during summer months!
A buyer may believe that the seller, or seller’s broker,
enticed him into purchasing the coin laundry by fraudulent
representations. Although a seller or
seller’s broker may make statements during the course of negotiations which
ultimately deserve close scrutiny, one must ask whether such statements rise to
the level of intentional misrepresentation of a material fact, or whether they
are merely “puffing.”
In a 1983 case, a court held that “the description of a
business as a ‘success’ was . . . highly subjective and did not amount to an
actionable representation of fact.”
It has been held, however, that “when a positive statement
of the value of property is made by the owner, coupled with other asserted
facts . . . like a false representation of past income therefrom, it may
constitute competent evidence . . . of the alleged fraudulent representations
upon which a judgment for damages may be supported.”
In another action, the defendants represented that “the
store in question was a first-class structure equal to the best building of
that type in Long Beach, and that it would stand shocks of earthquake. . . .”
The walls of the building were subsequently cracked and shattered by an
earthquake. The court noted that “Fraud
may not ordinarily be predicated on mere statements of opinion regarding the
value, general character of stability of a building, even though such
assertions are realty exaggerated.”
The court stated further, confirming what we all know that
“it is difficult to distinguish between expressions of honest convictions
respecting the stability, value or adaptability of property, and the false
representations of an owner regarding those
matters. . . .”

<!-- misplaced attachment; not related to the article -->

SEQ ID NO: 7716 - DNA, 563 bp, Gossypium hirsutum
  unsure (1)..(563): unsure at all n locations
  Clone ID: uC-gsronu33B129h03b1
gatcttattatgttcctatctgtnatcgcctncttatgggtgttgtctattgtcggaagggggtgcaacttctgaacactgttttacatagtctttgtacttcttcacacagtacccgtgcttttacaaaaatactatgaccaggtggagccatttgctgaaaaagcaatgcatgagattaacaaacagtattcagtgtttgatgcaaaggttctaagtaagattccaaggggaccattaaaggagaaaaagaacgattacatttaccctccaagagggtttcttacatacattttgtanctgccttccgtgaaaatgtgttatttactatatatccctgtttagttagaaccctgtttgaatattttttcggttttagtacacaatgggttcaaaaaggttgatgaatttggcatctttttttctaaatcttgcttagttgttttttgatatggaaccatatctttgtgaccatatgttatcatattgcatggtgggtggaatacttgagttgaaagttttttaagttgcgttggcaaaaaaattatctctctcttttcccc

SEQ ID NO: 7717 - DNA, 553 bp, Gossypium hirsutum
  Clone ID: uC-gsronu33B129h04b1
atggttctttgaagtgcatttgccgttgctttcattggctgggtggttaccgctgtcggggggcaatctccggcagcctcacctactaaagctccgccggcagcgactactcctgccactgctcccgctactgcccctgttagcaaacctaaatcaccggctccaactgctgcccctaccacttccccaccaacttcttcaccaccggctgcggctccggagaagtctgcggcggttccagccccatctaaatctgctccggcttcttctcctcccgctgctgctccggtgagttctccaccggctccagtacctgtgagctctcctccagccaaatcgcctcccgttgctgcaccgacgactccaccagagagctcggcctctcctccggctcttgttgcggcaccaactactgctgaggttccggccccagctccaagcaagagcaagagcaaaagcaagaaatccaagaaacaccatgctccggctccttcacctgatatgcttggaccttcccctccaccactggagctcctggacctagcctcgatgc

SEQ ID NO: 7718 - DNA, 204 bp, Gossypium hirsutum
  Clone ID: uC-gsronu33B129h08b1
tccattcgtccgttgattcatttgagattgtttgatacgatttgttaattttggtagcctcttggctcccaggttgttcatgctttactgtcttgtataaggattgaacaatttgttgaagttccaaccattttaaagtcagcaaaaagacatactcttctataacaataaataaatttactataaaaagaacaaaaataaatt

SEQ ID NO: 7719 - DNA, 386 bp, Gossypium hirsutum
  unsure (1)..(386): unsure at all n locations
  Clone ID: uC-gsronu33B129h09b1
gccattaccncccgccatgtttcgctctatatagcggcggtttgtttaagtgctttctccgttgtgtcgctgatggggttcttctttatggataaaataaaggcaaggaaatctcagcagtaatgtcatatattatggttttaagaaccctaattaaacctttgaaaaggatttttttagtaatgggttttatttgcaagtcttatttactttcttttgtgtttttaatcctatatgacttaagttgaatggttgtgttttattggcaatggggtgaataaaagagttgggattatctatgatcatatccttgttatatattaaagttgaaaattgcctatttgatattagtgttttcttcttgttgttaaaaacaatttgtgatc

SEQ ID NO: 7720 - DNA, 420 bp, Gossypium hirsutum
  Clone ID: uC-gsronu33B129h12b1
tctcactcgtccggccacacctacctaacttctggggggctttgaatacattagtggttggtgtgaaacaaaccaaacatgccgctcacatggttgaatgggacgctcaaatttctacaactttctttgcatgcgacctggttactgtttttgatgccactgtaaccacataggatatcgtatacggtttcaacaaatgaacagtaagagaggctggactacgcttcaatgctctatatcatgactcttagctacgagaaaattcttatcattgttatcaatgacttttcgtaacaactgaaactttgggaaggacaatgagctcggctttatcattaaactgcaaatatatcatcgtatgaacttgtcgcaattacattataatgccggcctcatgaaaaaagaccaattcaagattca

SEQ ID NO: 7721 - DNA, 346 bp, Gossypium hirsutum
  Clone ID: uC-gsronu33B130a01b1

The court further observed that “Usually a purchaser is
charged with knowledge of such excess enthusiasm and human frailty on the part
of a vendor for which he must make due allowance, and he is deemed to accept as
true such representations, amounting to mere judgment or opinion, at his own
peril.” The court continued to note
that “the mere statement that the building in question was constructed
earthquake proof is a matter of pure speculation or prophecy. Every person of common understanding knows
it is impossible to estimate the destructive forces of nature accompanying
earthquakes . . . . No human being could have prophesied the serious damages
which resulted to first-class buildings in San Francisco . . . from the
earthquake of 1906.”
The court held, however, that since the defendants were
also alleged to have specifically and falsely represented that the building was
constructed in accordance with city ordinance specifications, the plaintiffs
were entitled to proceed to trial upon their claim of fraud.
The moral of the story?
Retain competent professionals at the outset of your negotiations to
minimize your risk of having a jury determine whether your seller was merely
“puffing” or committing fraud!
[This column is intended to provide general information only and
is not intended to provide specific legal advice; if you have a
specific question regarding the law, you should contact an
attorney of your choice. Suggestions for topics to be discussed
in this column are welcome.]
Reprinted from The Journal
Myles M. Mattenson © 2004